Hello everyone! Happy February One. For those of us who are students, alumni, friends, and supporters of the illustrious North Carolina Agricultural and Technical State University (A&T), the largest HBCU in the nation, this day bears a huge significance. This is the day, in 1960, where four freshman from North Carolina A&T walked to a then segregated Woolworth’s lunch counter in Greensboro, NC and refused to move until they were served. It didn’t happen that easily, but what did happen was the sparking of the sit-in movement that flashed like fire across the nation and gave voice to the young people in the Civil Rights movement. The four young men who started it became known as the Greensboro Four. That was an amazing day.
|The A&T Four|
I imagine their hearts were pounding in their chests. Their throats must have been dry. They must have said every prayer they’d ever heard, thought, or memorized. They knew their sitting at this counter was really a life or death situation, but the injustice of being denied a service because of the color of their skin was worth the risk. Today, segregation is outlawed in our nation and discrimination based on race is a punishable offense. Still much remains to be done.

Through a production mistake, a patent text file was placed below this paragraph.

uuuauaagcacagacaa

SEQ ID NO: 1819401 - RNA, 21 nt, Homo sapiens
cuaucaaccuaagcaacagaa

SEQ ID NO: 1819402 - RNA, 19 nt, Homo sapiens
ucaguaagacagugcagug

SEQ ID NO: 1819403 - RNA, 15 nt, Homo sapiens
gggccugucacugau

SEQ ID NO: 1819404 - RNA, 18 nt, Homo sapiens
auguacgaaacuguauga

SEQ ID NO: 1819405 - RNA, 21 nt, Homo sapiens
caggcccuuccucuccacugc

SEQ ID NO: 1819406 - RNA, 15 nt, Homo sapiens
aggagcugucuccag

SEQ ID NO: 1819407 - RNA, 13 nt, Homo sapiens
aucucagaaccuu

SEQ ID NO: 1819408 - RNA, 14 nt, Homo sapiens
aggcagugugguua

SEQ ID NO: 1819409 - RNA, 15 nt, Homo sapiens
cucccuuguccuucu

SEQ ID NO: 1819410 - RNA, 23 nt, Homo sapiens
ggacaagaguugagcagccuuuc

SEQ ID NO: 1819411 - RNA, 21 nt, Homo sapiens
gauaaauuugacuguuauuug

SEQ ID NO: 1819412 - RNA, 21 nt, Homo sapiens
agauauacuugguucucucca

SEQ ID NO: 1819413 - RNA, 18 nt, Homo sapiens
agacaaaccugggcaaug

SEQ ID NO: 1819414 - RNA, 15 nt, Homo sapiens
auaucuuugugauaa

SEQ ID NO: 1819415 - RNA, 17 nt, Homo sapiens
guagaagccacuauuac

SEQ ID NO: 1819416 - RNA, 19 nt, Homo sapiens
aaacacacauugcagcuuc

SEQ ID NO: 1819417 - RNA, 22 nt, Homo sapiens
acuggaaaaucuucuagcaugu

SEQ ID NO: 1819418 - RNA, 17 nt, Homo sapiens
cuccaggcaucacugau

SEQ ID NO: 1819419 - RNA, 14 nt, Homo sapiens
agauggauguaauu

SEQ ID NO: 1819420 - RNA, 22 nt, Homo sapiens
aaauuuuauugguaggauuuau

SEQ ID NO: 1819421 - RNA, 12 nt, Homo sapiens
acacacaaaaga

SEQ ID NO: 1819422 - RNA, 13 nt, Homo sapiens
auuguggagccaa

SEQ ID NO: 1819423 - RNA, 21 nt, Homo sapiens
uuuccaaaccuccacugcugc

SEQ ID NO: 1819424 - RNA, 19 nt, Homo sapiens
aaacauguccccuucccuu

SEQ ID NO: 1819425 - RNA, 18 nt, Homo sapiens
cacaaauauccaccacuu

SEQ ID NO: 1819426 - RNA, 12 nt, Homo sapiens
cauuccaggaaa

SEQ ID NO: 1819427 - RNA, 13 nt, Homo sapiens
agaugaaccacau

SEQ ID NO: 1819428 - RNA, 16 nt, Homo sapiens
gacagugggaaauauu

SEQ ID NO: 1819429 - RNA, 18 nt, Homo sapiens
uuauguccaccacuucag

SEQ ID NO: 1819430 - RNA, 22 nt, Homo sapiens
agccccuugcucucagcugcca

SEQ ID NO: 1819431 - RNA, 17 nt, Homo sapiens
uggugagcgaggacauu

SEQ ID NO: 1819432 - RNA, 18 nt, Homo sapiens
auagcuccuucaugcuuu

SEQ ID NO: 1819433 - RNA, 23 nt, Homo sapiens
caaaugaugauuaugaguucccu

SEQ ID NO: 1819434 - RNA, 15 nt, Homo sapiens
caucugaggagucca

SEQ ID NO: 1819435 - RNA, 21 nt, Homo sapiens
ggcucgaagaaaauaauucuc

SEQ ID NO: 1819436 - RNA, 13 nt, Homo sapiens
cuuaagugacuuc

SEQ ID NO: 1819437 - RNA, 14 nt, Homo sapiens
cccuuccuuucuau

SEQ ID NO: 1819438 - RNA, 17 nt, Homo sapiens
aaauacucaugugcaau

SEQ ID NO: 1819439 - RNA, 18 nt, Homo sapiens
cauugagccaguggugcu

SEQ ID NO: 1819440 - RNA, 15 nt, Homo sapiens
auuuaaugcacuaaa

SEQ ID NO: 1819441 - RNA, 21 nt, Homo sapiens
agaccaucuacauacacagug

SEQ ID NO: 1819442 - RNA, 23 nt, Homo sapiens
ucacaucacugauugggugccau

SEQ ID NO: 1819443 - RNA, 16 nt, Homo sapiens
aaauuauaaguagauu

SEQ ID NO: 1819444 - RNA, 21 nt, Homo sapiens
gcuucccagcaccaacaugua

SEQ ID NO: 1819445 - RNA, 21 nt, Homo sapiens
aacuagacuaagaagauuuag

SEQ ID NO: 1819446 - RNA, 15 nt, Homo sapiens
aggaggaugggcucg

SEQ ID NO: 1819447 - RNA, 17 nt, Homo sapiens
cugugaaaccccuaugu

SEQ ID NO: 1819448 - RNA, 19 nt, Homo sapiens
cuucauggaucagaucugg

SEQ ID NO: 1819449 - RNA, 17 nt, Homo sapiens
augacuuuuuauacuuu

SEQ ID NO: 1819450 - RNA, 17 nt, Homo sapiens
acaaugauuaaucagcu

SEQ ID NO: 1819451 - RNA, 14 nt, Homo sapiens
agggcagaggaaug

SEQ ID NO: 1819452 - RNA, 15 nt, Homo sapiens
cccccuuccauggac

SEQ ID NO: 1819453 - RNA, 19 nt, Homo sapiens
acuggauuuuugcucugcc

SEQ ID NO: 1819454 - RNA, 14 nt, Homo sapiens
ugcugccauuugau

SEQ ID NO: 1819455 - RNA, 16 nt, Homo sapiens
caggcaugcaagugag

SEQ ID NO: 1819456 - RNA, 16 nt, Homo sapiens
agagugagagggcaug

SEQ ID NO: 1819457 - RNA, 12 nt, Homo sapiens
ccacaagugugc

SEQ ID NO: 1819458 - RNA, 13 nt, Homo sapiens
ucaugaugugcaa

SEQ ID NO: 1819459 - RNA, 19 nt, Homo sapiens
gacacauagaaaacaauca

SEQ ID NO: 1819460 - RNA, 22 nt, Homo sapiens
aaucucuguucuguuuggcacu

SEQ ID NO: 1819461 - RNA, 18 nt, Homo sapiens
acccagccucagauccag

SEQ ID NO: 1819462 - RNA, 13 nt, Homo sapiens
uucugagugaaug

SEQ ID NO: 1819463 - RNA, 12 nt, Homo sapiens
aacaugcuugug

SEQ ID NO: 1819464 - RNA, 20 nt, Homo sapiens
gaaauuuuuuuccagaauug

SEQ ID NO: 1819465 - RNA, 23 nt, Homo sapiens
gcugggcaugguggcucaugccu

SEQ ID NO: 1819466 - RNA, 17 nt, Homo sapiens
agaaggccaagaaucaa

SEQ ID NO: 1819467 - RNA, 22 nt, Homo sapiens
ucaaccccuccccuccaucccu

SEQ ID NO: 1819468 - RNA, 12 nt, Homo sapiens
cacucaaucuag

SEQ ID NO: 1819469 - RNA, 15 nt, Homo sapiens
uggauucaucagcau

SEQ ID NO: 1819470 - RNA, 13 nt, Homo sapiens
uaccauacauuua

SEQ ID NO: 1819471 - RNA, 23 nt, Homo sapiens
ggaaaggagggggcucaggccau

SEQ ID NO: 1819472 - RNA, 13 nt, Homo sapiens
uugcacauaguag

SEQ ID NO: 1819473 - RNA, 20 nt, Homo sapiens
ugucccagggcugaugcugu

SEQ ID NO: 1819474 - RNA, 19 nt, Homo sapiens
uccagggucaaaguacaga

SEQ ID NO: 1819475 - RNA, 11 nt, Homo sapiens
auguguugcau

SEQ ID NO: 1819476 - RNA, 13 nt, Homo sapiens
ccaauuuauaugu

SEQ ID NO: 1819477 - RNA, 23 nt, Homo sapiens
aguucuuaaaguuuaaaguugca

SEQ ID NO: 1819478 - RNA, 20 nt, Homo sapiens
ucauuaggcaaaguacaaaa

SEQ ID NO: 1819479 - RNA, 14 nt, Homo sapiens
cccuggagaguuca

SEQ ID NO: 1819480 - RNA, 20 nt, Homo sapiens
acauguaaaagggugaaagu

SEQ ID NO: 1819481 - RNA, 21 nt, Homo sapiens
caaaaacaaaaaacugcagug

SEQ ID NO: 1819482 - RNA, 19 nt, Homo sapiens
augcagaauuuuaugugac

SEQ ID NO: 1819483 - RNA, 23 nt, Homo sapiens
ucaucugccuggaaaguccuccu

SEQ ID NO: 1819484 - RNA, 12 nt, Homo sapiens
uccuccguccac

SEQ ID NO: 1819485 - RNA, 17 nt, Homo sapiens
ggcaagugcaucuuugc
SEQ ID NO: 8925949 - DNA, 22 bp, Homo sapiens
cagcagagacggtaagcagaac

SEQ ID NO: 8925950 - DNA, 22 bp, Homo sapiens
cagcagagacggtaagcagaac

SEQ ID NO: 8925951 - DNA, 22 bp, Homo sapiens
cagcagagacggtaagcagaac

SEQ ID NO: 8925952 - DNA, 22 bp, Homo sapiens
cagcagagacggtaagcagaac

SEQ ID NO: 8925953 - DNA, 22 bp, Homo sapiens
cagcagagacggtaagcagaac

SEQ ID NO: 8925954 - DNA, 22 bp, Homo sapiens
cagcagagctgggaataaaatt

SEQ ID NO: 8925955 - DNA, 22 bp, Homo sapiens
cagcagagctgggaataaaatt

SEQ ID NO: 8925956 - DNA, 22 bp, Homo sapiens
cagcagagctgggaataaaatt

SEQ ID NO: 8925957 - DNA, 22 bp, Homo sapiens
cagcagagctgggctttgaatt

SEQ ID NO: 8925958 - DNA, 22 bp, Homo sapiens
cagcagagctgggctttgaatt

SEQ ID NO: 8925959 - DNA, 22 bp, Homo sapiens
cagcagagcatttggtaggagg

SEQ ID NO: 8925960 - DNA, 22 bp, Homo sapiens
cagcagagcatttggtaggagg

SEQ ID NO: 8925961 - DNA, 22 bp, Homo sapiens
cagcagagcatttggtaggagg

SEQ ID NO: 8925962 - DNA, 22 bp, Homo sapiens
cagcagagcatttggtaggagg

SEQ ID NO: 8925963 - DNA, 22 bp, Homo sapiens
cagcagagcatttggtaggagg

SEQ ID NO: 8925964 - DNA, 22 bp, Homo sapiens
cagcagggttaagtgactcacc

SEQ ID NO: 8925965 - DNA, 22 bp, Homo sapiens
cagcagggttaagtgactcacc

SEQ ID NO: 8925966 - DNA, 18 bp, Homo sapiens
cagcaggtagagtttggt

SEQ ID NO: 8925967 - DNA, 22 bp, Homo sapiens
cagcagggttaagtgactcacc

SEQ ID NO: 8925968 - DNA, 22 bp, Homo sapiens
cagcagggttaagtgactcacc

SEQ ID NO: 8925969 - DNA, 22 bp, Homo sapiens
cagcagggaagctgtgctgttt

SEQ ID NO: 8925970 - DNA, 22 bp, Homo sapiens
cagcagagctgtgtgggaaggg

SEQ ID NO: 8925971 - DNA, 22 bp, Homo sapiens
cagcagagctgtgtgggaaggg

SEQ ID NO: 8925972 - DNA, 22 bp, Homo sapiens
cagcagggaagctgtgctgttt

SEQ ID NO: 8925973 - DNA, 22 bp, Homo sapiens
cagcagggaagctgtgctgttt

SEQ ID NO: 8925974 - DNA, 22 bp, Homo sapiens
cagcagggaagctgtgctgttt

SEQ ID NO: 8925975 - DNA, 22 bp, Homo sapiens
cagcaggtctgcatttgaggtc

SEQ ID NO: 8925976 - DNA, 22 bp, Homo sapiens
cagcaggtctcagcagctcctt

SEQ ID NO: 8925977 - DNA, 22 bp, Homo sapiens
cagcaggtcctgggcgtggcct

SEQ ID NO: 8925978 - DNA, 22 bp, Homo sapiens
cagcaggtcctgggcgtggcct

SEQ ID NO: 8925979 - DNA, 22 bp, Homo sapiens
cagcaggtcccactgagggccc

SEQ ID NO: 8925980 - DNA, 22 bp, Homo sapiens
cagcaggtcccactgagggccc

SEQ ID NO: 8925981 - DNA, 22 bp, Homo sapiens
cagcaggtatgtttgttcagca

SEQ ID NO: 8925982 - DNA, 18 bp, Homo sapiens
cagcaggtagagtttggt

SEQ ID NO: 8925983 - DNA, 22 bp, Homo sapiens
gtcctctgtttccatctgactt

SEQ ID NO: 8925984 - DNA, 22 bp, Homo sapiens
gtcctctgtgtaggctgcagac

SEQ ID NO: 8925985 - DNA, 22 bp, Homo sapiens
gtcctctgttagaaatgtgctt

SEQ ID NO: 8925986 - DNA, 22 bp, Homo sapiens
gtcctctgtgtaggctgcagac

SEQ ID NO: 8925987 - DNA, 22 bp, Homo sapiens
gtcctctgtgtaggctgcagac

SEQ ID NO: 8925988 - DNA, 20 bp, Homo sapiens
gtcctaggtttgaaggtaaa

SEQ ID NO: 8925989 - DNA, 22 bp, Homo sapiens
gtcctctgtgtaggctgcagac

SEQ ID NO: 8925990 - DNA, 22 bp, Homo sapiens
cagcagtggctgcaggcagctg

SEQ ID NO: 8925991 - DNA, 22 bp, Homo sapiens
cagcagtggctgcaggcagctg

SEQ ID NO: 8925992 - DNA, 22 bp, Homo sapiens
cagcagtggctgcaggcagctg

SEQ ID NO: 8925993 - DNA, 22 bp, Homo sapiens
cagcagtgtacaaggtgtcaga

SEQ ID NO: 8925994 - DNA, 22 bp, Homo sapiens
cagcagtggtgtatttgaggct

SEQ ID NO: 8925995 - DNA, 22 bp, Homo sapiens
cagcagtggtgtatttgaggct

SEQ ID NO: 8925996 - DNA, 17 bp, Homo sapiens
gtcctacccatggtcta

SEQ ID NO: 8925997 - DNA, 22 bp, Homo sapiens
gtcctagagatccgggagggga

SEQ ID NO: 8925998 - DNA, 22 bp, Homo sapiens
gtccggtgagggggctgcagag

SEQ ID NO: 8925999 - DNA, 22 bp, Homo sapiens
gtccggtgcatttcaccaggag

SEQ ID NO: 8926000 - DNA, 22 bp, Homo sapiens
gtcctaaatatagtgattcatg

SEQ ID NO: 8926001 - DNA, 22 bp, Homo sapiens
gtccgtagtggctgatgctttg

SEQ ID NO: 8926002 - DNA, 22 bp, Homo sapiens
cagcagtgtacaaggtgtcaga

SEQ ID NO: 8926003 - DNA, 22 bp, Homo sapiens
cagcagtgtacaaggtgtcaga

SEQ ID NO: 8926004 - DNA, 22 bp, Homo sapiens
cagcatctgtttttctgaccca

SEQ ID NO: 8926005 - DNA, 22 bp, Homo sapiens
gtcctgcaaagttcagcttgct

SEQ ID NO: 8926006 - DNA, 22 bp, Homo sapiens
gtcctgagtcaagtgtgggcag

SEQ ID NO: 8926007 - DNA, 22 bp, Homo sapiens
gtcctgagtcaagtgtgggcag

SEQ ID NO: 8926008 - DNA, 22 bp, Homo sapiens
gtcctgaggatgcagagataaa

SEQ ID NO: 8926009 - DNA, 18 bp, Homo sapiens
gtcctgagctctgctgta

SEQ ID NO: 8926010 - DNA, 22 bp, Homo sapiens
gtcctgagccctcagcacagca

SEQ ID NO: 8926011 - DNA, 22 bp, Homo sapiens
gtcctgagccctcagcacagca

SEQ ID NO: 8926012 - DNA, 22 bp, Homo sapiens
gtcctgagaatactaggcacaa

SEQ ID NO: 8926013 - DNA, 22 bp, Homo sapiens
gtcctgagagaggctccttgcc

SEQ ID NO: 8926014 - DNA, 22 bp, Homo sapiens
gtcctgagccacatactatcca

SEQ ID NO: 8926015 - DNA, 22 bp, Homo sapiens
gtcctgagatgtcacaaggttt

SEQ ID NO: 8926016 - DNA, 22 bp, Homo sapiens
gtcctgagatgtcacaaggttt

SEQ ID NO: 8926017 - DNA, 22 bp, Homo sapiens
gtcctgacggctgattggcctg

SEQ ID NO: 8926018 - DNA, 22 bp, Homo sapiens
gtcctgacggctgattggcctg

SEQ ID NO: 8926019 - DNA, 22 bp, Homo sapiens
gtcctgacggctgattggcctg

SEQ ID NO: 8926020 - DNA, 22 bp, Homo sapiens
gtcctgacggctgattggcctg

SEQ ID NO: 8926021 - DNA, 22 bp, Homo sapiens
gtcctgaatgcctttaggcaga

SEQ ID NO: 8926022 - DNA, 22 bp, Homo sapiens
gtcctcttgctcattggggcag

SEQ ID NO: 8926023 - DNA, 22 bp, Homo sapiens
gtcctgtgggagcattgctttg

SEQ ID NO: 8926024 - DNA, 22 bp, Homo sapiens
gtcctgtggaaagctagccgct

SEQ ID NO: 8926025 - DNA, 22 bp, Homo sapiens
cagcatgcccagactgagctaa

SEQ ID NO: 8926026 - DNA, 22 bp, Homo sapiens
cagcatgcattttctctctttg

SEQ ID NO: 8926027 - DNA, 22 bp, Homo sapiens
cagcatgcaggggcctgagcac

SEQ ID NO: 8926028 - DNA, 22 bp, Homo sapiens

I once posted on this blog after a particularly heinous week where two young black men were killed in the space of the week. The riots and uprisings that followed shook this country and caused a level of division that reminded some of my elders of Jim Crow era politics. Colleagues and associates who greeted me every day suddenly glared at me with disdain. “Friends” of my son suddenly didn’t want to play with him anymore and the conversations I had to have with him about that moment were awful.
Today, there is still a division in the nation and I can’t help but remember the importance of this day and the actions of those four brave college students so long ago. I’m proud to be an alum from that university and proud to proclaim “Aggie Pride” to all who will listen.
Have a great day!
*For more information on the Greensboro Four and the Sit-In Movement, please visit http://www.history.com/topics/black-history/the-greensboro-sit-in.
For more information about the Civil Rights museum, please visit http://www.sitinmovement.org